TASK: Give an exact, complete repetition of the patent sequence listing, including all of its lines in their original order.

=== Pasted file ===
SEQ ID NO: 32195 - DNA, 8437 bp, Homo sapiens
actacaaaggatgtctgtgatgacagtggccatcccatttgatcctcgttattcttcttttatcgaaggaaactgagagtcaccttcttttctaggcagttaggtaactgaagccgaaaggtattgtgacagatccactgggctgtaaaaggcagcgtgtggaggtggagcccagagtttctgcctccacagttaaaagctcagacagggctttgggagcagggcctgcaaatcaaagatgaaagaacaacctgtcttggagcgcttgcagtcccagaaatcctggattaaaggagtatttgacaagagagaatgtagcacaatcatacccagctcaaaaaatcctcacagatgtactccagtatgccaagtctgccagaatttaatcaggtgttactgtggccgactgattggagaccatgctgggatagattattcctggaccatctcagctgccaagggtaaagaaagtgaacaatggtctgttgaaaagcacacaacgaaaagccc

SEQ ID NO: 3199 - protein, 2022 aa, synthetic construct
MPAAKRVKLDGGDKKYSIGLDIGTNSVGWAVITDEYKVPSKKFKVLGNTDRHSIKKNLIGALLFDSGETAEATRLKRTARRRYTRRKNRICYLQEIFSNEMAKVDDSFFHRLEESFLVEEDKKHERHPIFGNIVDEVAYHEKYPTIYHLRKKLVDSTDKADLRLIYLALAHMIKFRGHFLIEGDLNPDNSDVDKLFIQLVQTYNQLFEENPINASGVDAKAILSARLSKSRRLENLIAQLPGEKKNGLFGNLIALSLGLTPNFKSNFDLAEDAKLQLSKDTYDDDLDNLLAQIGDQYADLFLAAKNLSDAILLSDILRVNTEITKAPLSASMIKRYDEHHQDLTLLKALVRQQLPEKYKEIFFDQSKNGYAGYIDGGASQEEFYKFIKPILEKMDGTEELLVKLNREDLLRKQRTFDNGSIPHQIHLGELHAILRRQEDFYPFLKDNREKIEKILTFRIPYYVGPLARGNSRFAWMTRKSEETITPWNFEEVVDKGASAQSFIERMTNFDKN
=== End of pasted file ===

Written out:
SEQ ID NO: 32195 - DNA, 8437 bp, Homo sapiens
actacaaaggatgtctgtgatgacagtggccatcccatttgatcctcgttattcttcttttatcgaaggaaactgagagtcaccttcttttctaggcagttaggtaactgaagccgaaaggtattgtgacagatccactgggctgtaaaaggcagcgtgtggaggtggagcccagagtttctgcctccacagttaaaagctcagacagggctttgggagcagggcctgcaaatcaaagatgaaagaacaacctgtcttggagcgcttgcagtcccagaaatcctggattaaaggagtatttgacaagagagaatgtagcacaatcatacccagctcaaaaaatcctcacagatgtactccagtatgccaagtctgccagaatttaatcaggtgttactgtggccgactgattggagaccatgctgggatagattattcctggaccatctcagctgccaagggtaaagaaagtgaacaatggtctgttgaaaagcacacaacgaaaagccc

SEQ ID NO: 3199 - protein, 2022 aa, synthetic construct
MPAAKRVKLDGGDKKYSIGLDIGTNSVGWAVITDEYKVPSKKFKVLGNTDRHSIKKNLIGALLFDSGETAEATRLKRTARRRYTRRKNRICYLQEIFSNEMAKVDDSFFHRLEESFLVEEDKKHERHPIFGNIVDEVAYHEKYPTIYHLRKKLVDSTDKADLRLIYLALAHMIKFRGHFLIEGDLNPDNSDVDKLFIQLVQTYNQLFEENPINASGVDAKAILSARLSKSRRLENLIAQLPGEKKNGLFGNLIALSLGLTPNFKSNFDLAEDAKLQLSKDTYDDDLDNLLAQIGDQYADLFLAAKNLSDAILLSDILRVNTEITKAPLSASMIKRYDEHHQDLTLLKALVRQQLPEKYKEIFFDQSKNGYAGYIDGGASQEEFYKFIKPILEKMDGTEELLVKLNREDLLRKQRTFDNGSIPHQIHLGELHAILRRQEDFYPFLKDNREKIEKILTFRIPYYVGPLARGNSRFAWMTRKSEETITPWNFEEVVDKGASAQSFIERMTNFDKN